New South Wales, 1972. Following the death of her beloved Aunt Hilda, widow Clare Barclay inherits Bellevue, an historic property in the Blue Mountains township of Numballa, Australia. Giving up her teaching job to move to the mountains, Clare plans to restore the house to its original glory. She also hopes to track down a box of missing documents that may shed light on why husband Jack secretly second-mortgaged their former home.
Clare makes friends with the locals, including a young boy, Joe, and soon hears of plans to redevelop Numbulla and to exploit the land bordering the protected wilderness area. As she joins the protest against the rezoning, it’s clear someone doesn’t want her there and they’ll do anything to stop her…
Written from Clare’s and Joe’s perspectives, Bellevue highlights cross-generational bonds that grow between them as they struggle, individually and together, towards an acceptance of the losses each has sustained.
Born in Australia, Alison Booth gained a degree in architecture before transferring to economics. She is Professor Emeritus of Economics with a PhD from the London School of Economics and spent over two decades living and working in the UK before returning to Australia. She wrote her first novel at the age of nine, before other distractions set in.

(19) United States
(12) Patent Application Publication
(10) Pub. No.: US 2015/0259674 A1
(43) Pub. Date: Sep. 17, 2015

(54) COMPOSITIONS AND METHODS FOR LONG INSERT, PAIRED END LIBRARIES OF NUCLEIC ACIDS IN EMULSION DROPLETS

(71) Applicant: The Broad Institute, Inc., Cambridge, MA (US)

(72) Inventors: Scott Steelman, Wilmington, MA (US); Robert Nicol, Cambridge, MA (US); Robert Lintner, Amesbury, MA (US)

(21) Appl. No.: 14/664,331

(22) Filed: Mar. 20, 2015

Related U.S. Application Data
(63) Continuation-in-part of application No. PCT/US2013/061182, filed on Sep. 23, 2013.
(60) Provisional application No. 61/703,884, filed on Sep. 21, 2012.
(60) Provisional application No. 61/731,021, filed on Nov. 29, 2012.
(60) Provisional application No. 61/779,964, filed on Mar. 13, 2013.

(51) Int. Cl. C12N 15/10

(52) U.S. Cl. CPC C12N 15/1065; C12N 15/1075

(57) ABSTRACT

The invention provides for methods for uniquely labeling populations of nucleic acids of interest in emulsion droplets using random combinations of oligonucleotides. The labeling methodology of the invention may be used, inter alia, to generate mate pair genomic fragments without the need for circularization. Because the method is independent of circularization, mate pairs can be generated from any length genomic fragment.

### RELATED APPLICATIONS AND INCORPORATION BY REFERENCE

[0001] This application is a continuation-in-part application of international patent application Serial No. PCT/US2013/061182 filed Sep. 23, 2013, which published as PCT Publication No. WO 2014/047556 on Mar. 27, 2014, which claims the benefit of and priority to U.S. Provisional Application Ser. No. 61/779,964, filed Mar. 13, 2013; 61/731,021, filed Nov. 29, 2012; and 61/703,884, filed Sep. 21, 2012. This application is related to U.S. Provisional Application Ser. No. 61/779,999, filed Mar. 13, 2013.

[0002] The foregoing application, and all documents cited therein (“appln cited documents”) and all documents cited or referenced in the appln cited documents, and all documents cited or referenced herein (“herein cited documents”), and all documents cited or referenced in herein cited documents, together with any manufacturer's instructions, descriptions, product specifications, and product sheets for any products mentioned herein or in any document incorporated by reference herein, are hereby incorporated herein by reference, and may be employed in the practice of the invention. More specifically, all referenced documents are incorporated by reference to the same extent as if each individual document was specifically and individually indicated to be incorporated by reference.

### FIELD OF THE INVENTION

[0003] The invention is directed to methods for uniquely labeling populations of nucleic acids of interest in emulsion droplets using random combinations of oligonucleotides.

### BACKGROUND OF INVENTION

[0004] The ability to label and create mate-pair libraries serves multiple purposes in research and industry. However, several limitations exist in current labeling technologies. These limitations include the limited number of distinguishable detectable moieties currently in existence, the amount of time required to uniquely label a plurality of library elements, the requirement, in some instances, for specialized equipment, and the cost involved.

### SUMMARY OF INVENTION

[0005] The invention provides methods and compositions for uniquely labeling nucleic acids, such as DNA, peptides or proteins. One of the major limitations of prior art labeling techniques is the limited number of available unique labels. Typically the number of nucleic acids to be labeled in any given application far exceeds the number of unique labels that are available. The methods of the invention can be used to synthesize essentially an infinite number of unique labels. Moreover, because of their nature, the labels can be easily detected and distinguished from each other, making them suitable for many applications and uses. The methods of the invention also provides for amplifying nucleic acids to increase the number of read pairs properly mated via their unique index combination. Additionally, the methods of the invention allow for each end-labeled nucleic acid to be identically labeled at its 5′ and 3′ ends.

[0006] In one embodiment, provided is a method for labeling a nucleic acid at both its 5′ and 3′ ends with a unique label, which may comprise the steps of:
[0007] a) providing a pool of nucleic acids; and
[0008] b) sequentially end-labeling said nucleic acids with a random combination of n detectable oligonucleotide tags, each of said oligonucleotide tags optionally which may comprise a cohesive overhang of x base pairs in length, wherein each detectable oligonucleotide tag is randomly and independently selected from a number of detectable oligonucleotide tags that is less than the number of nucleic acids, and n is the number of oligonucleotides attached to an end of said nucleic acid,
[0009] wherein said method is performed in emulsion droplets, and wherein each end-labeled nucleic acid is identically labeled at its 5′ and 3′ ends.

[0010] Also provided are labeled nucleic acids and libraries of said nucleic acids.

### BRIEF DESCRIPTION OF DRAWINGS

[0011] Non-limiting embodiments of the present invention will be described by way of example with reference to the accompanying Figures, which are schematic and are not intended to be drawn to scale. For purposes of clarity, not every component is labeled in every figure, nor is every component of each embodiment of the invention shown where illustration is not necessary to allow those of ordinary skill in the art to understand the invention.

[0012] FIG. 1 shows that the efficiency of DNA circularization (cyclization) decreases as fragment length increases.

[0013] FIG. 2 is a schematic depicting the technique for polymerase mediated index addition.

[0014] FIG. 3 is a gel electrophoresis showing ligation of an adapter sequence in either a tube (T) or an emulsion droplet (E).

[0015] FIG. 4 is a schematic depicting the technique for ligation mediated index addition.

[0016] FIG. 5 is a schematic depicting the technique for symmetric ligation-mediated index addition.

Alison’s seventh published novel, Bellevue, will be out in March 2023. Her previous novels were published by Penguin and RedDoor. Her fiction has been translated into French and her short stories have appeared in international publications including Antipodes and New Writing. Awards include a Varuna Longlines Fellowship from the Eleanor Dark Foundation and the Highly Commended Award in the 2011 ACT Book of the Year Award. Her novels are: Stillwater Creek, The Indigo Sky, A Distant Land, A Perfect Marriage, The Philosopher’s Daughters and The Painting. For more information visit: https://www.alisonbooth.net/home
My thoughts: this was a really interesting book about community, friendship, outsiders and the environment. Clare inherits her late husband’s aunt’s house Bellevue in the small New South Wales town of Numballa. Hoping to build a new life and a permanent home for herself there, she finds that all is not well. Silent phone calls, vague threats, a car accident that probably isn’t an accident. Someone is trying to drive her away.
As the battle for the wilderness at the edge of her land heats up, she finds that she’s not alone. Other members of the local conservation group are also being harassed and frightened but Clare won’t give up.
She also meets Joe, a young boy with a love of birds, who draws beautiful pictures of them. Befriending him and offering him a safe space to work on his art, Clare expands her new world again.
Joe is struggling, after his mother’s death, left with an often absent older brother and a father who drinks too much, he’s a sensitive, artistic soul. Afraid to tell anyone except the local librarian of his passion, he’s sneaking into Clare’s hayloft to draw. Their unlikely friendship is a delight to read about. As Joe comes out of his shell, things seem to look up for his family too.
There’s a lot of heart in this book, and as Clare finds her place in Numballa, making friends and campaigning to save the wilderness, she slowly comes back to life after years in survival mode.
*I was kindly gifted a copy of this book in exchange for taking part in the blog tour but all opinions remain my own.